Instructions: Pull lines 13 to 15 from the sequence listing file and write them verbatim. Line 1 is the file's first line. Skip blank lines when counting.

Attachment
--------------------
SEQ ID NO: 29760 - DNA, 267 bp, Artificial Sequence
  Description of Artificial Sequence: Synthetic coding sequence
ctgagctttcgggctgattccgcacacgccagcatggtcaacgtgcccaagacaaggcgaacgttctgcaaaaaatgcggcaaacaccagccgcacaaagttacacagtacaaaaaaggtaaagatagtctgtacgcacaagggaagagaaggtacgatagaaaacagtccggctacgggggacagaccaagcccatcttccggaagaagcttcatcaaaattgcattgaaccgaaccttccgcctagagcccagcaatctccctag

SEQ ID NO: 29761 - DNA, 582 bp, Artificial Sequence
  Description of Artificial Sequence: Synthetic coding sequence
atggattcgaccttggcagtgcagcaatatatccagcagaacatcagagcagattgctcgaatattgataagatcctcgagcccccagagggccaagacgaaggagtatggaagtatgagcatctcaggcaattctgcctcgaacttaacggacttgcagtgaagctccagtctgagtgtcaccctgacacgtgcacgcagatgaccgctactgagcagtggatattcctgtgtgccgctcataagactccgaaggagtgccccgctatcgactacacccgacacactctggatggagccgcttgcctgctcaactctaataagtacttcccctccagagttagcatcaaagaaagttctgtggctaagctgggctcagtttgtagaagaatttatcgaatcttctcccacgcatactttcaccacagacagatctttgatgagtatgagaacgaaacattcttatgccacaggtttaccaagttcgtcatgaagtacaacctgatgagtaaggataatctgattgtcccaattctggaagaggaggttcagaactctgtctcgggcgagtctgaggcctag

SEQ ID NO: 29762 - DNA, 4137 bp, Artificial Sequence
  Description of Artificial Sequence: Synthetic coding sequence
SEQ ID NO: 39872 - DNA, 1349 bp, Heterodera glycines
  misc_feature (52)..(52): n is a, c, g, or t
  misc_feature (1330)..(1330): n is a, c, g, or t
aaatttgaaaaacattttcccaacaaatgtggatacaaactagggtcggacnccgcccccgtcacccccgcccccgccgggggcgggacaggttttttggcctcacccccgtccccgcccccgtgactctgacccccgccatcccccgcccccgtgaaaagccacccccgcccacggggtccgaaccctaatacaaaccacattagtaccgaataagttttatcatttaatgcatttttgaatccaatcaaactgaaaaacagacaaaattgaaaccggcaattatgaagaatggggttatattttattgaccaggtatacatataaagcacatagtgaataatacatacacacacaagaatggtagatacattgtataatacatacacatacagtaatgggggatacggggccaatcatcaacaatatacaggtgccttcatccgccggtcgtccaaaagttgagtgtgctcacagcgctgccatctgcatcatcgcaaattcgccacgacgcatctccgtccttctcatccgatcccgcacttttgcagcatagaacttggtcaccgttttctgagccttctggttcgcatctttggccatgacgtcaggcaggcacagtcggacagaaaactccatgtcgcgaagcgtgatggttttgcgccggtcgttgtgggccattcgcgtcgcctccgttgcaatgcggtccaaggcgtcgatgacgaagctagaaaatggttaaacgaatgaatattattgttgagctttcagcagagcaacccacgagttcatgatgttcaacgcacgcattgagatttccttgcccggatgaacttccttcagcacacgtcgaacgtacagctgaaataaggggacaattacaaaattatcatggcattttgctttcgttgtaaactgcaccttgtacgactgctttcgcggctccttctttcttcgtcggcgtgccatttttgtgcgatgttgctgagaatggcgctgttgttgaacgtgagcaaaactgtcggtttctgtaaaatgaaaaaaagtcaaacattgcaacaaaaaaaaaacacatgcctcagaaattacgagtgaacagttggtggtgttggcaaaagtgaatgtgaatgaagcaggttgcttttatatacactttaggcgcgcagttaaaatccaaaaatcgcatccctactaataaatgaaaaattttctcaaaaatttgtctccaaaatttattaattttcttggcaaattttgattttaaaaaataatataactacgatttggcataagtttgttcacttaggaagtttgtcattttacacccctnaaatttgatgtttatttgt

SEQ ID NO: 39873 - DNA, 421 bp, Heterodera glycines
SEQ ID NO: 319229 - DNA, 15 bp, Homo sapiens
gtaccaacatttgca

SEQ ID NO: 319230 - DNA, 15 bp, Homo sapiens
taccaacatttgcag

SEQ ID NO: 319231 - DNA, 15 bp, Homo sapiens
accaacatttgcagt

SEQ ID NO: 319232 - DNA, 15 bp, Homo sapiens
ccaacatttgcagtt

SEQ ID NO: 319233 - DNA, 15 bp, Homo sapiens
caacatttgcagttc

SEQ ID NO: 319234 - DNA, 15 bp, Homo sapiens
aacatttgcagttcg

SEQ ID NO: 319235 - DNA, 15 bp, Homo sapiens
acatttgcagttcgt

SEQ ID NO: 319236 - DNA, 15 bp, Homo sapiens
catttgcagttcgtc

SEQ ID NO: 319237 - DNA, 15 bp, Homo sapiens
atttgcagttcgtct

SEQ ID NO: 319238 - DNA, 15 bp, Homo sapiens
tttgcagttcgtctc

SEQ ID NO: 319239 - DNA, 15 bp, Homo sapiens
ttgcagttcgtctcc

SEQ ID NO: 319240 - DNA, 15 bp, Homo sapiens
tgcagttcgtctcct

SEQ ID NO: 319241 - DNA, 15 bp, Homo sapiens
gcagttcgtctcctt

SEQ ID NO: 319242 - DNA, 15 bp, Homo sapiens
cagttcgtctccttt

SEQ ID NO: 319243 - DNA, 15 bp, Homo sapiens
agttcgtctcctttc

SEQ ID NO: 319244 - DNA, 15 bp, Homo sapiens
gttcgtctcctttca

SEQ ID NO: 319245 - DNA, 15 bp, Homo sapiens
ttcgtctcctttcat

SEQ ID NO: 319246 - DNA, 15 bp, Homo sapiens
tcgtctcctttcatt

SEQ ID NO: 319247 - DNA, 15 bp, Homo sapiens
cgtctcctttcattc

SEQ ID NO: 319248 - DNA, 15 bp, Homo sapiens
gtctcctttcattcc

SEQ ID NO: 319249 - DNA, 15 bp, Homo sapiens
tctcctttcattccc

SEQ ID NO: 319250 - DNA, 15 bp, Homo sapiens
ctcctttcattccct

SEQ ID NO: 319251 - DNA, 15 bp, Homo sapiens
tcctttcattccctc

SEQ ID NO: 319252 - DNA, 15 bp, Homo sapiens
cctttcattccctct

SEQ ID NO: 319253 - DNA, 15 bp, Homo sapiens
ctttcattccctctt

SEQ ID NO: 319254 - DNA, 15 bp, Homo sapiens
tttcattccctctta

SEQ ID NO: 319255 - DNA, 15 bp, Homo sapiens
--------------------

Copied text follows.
SEQ ID NO: 39873 - DNA, 421 bp, Heterodera glycines
SEQ ID NO: 319229 - DNA, 15 bp, Homo sapiens
gtaccaacatttgca